WARNING: Headlines Are Holding You Back

Jon Elordi

Jon Elordi

There is one part of any advertisement that is more important than the rest. The one thing that can make or break your ad. It’s the part that should get the bulk of your attention. A good one can lead to high click-through rates and amazing conversions, and a bad one can leave your ad ignored.

I’m talking, of course, about the Headline.

The headline is far and away the most important part of your ad. It’s the part of your ad that grabs the reader’s attention and persuades them to keep reading. If you can’t do that effectively, your ad is toast. 

A good attention-getting headline will get more eyeballs on the rest of your copy. The purpose of the headline is to get people to stop what they’re doing be it scrolling or reading an article or flipping through profiles and to pay attention to what you have to say. The better your headline, the more likely the rest of your copy will get read. The more likely the rest of your copy will get read the more likely the user will click and so. Great headlines lead to more sales.

On the average, five times as many people read the headlines as read the body copy. It follows that unless your headline sells your product, you have wasted 90 per cent of your money

David Oglivy

How To Approach Headlines

A great headline makes someone stop in their tracks. The best way to do that is to appeal to emotions. People make decisions on the emotional level and then use rationality after the fact to justify their decision. Make people feel something, and you’ll have their attention. The two big emotions for headlines are fear and desire. Scare them or fulfill their desires; anything less is suboptimal. 

Your headline will primarily get you many readers, but it can also get you high-quality readers. This is because your headline can act as a filter. The end metric that matters is sales. So a headline that gets less traffic but more sales is the better headline. To this end, try using in-group language to signal to the people who would most want to know about your product.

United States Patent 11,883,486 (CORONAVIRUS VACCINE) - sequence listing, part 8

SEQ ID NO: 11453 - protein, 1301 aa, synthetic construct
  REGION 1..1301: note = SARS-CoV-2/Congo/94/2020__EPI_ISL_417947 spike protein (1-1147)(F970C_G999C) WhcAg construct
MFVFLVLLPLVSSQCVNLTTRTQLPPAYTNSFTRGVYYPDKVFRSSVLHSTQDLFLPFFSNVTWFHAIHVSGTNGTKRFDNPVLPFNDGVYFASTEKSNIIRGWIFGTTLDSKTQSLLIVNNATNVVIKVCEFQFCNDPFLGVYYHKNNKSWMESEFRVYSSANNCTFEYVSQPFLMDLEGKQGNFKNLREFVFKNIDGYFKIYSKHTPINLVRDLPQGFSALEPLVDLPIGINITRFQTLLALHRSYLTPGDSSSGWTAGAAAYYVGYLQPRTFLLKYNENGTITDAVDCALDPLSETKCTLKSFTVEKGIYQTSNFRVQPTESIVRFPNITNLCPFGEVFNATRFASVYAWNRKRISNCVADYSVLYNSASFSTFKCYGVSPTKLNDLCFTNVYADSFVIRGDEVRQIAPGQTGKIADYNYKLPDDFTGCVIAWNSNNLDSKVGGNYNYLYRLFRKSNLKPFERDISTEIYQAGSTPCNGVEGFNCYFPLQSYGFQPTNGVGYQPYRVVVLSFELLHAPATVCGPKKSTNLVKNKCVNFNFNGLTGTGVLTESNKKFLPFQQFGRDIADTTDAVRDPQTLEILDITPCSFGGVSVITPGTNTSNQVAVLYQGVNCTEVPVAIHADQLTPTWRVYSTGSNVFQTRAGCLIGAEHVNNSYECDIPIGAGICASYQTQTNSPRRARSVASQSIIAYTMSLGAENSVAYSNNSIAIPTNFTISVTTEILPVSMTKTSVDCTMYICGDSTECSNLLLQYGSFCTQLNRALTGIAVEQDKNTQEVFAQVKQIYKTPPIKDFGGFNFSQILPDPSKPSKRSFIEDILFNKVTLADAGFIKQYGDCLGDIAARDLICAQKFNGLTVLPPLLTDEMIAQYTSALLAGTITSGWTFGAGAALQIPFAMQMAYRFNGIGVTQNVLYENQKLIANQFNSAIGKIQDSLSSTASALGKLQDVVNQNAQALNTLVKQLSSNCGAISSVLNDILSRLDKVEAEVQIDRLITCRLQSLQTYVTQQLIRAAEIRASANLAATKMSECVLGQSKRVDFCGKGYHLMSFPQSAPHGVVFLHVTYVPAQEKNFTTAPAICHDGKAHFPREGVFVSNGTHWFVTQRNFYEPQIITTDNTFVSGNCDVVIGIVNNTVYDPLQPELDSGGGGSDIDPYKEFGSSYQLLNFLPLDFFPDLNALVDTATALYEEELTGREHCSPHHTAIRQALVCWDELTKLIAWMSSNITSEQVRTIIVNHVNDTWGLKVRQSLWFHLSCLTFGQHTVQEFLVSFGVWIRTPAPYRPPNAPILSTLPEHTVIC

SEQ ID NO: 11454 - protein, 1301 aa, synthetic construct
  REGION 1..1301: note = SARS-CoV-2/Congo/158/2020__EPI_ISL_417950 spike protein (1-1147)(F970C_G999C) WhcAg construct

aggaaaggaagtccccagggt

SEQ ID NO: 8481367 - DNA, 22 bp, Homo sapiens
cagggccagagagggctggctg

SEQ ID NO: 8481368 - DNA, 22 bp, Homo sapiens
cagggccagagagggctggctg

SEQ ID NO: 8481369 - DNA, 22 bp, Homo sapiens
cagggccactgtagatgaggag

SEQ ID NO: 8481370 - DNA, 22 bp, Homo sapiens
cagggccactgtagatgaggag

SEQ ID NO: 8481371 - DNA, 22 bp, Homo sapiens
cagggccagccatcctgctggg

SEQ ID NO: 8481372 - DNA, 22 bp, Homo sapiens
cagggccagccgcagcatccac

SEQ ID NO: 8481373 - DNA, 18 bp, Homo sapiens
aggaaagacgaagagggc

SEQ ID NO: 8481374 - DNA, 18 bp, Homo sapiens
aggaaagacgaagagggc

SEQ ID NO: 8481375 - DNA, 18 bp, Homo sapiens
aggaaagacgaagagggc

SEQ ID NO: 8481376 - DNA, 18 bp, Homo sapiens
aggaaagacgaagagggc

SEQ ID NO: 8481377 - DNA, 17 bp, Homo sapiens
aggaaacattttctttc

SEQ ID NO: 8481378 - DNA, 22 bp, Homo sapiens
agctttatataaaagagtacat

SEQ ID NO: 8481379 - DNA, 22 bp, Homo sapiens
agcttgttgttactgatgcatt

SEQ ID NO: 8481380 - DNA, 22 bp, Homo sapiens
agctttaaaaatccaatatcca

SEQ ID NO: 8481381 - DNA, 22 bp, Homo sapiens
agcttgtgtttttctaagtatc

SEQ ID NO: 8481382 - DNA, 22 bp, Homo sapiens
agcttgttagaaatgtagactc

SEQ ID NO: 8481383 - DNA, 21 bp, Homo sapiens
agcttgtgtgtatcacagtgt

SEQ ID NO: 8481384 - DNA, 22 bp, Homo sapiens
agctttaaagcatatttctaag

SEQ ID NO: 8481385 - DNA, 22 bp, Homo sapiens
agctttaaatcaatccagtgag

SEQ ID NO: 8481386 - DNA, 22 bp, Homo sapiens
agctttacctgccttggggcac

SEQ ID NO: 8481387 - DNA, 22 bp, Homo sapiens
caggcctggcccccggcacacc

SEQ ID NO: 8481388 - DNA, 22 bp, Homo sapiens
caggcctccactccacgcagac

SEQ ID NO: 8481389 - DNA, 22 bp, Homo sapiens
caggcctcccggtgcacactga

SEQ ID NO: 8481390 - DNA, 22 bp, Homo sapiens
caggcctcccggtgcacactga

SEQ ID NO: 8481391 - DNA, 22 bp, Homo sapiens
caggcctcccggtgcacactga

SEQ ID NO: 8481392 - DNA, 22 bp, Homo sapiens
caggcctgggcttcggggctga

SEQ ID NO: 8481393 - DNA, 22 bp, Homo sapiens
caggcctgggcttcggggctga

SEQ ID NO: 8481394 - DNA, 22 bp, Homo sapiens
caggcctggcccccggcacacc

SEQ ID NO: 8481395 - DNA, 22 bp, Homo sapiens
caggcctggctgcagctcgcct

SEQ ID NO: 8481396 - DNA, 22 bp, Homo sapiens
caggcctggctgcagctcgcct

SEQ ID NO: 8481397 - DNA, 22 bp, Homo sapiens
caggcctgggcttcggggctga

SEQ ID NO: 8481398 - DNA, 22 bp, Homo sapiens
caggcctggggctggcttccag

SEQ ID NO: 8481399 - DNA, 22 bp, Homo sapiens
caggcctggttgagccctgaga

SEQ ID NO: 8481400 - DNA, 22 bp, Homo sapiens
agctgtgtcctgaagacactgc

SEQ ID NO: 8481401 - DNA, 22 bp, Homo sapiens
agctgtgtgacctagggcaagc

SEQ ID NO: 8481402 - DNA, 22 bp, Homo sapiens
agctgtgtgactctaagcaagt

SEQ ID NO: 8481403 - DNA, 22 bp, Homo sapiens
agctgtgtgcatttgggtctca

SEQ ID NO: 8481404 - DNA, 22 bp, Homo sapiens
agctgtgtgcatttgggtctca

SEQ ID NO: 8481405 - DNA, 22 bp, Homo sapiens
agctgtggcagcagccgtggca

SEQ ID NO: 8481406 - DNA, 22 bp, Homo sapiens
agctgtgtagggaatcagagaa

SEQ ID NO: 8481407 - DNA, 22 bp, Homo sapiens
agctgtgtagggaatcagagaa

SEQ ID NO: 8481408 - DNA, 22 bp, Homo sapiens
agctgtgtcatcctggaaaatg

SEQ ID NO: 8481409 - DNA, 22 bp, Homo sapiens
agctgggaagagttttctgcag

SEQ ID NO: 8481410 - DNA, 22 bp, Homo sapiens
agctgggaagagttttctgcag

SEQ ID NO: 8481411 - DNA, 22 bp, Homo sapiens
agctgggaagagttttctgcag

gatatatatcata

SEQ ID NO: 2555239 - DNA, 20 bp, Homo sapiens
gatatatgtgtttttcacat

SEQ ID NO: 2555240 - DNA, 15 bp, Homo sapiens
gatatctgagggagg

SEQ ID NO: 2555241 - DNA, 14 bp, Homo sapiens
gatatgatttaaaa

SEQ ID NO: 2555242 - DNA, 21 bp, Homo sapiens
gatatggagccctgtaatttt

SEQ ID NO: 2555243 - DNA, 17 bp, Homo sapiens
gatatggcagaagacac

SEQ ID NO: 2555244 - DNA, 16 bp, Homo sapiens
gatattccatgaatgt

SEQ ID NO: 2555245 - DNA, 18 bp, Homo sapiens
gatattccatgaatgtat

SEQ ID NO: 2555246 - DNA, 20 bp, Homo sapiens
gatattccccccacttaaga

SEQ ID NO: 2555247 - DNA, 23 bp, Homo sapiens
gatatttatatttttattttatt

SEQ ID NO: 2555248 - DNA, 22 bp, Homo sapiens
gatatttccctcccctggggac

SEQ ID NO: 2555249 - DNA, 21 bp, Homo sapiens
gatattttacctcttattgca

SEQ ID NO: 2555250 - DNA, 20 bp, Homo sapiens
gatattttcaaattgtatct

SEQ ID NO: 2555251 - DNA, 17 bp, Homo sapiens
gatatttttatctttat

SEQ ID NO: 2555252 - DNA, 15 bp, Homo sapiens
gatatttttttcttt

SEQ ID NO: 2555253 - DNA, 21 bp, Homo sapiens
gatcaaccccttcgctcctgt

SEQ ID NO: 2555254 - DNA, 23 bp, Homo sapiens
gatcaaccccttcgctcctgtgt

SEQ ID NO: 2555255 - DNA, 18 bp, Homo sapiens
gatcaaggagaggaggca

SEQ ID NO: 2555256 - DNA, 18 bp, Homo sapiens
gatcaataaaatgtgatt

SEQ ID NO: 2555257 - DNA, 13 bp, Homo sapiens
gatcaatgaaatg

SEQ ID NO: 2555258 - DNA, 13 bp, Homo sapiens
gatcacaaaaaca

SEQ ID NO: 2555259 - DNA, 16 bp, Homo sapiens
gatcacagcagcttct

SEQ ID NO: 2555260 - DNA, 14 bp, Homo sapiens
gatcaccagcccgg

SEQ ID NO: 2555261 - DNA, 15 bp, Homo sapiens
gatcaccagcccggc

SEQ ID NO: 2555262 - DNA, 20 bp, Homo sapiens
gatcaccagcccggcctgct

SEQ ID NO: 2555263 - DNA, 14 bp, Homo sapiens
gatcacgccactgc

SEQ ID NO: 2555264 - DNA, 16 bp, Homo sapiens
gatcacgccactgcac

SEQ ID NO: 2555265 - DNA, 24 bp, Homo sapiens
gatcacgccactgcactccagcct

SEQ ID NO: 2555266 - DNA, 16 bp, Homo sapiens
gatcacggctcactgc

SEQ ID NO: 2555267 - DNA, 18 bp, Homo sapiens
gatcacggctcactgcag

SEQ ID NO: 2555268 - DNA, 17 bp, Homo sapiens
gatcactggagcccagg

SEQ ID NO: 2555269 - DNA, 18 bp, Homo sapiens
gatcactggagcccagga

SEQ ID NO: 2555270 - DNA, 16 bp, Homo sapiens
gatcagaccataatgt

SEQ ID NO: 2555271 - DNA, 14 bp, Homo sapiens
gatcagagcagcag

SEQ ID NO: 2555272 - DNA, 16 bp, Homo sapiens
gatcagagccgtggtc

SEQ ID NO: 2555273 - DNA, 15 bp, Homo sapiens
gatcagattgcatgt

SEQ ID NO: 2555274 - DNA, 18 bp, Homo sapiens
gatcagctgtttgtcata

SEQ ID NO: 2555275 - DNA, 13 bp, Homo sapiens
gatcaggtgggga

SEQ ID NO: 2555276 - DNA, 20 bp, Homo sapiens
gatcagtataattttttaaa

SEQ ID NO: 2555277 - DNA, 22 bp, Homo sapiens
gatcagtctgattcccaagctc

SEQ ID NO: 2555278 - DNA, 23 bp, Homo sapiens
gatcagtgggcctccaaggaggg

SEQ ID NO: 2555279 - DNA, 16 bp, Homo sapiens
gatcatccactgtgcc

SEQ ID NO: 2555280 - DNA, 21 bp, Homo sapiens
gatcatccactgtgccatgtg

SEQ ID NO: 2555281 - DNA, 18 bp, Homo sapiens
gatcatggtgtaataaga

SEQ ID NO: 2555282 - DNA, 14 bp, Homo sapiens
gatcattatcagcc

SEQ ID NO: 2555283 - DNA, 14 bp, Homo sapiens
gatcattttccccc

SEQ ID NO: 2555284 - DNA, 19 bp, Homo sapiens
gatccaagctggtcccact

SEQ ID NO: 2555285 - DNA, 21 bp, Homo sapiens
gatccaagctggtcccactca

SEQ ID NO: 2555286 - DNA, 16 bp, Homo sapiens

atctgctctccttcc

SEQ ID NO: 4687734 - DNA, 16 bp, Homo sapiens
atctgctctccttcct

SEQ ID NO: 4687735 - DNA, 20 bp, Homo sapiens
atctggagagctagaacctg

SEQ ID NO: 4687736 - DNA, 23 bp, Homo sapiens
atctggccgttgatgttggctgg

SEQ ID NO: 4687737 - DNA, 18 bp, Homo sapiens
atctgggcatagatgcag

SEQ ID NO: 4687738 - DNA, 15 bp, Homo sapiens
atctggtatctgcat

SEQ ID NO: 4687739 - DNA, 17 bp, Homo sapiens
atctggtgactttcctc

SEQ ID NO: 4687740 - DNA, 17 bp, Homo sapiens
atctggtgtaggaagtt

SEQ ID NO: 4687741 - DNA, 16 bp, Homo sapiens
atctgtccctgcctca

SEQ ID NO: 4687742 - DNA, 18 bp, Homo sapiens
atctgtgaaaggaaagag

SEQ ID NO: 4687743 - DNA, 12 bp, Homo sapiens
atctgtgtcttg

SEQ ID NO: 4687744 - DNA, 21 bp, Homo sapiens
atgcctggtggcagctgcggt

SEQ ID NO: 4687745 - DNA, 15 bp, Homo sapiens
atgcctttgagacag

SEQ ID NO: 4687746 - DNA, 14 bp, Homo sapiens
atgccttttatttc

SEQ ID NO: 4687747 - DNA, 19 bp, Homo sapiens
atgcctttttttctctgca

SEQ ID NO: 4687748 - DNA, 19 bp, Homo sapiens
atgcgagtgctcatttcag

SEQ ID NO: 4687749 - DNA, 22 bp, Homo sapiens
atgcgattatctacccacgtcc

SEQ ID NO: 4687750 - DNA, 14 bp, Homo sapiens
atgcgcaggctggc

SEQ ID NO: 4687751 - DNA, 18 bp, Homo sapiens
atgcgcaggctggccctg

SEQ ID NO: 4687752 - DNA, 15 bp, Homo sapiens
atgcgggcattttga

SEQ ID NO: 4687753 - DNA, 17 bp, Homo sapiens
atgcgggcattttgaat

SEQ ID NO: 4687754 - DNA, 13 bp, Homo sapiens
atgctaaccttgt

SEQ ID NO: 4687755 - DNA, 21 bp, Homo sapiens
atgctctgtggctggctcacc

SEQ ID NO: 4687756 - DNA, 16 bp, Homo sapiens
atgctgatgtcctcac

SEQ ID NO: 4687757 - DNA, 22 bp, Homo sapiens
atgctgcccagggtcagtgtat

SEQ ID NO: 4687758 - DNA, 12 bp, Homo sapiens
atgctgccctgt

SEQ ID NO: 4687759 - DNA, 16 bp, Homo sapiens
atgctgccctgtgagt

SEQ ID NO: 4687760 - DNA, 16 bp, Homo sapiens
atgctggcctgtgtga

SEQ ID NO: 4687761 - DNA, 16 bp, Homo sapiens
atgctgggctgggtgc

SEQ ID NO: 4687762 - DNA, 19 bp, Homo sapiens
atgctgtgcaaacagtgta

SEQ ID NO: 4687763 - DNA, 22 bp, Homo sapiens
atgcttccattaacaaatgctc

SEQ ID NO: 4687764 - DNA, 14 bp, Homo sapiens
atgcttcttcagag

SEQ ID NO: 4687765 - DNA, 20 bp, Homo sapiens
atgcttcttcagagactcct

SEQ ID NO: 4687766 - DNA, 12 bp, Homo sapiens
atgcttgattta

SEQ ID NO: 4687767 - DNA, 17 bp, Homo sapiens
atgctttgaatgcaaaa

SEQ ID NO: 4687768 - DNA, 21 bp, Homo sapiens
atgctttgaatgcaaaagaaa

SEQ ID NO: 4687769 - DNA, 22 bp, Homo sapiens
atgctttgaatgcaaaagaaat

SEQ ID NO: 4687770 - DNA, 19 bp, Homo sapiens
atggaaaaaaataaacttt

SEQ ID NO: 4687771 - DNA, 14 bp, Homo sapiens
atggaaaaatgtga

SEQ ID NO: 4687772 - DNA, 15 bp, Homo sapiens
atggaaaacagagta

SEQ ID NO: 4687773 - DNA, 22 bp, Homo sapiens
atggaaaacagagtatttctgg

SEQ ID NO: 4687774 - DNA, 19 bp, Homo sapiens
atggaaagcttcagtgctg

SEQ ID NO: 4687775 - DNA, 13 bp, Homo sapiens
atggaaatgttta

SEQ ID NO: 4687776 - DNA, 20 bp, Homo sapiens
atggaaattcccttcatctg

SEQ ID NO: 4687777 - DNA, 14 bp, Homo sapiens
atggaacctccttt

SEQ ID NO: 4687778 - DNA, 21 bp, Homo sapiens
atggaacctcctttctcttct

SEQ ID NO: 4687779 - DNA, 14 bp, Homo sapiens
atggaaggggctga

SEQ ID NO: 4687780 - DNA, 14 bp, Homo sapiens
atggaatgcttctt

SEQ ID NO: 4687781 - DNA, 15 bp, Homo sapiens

Then test out both types of headlines and see which one gets better results: the headline meant to attract the most traffic or the headlines meant to attract the best traffic. Go with the winner. There is no try and true strategy. With digital marketing, we have the luxury to test and make changes quickly; use that to your advantage.

Don’t get cute with your headlines. Puns and wordplay are unnecessary. The average reader probably won’t get it. Be direct and be evocative. 

You have to write great headlines. That's the number one skill everybody needs to develop, no matter what you sell or who you sell it to.

Jim Edwards

Headlines Are Everywhere

Headlines are formally part of paid media. But headlines are everywhere. The title to your blog posts, the title of videos, your Twitter handle, etc., are all examples of headlines. So approach them as you would the headline of an ad.

All the content you create, be it paid or organic, needs to have the ability to get people to stop what they are doing and have them pay attention to you. 

For example, this post uses what’s often called a WARNING headline. It’s by far the most obnoxious, but it also gets the job done. 

Take a lesson from clickbait. There’s a reason you see it everywhere: it works. But it works as a way to get a high number of clicks. Clickbait does not produce high-quality traffic, but it will produce traffic. It doesn’t do any filtering because it’s not designed to. I would avoid too much clickbaitiness as it can cheapen your brand, but clickbait can teach you lessons.

The next time an ad grabs your attention, try and pause for a second as to why. Then see if you can replicate something similar for your marketing efforts.

It must capture attention. And it must offer a "reward for reading." This reward must be sufficiently attractive to induce the reader to continue reading beyond the headline.

Victor O. Schwab

Join The Newsletter

Join now and get my copywriting cheatsheet and my guide to marketing statistics free in the welcome email.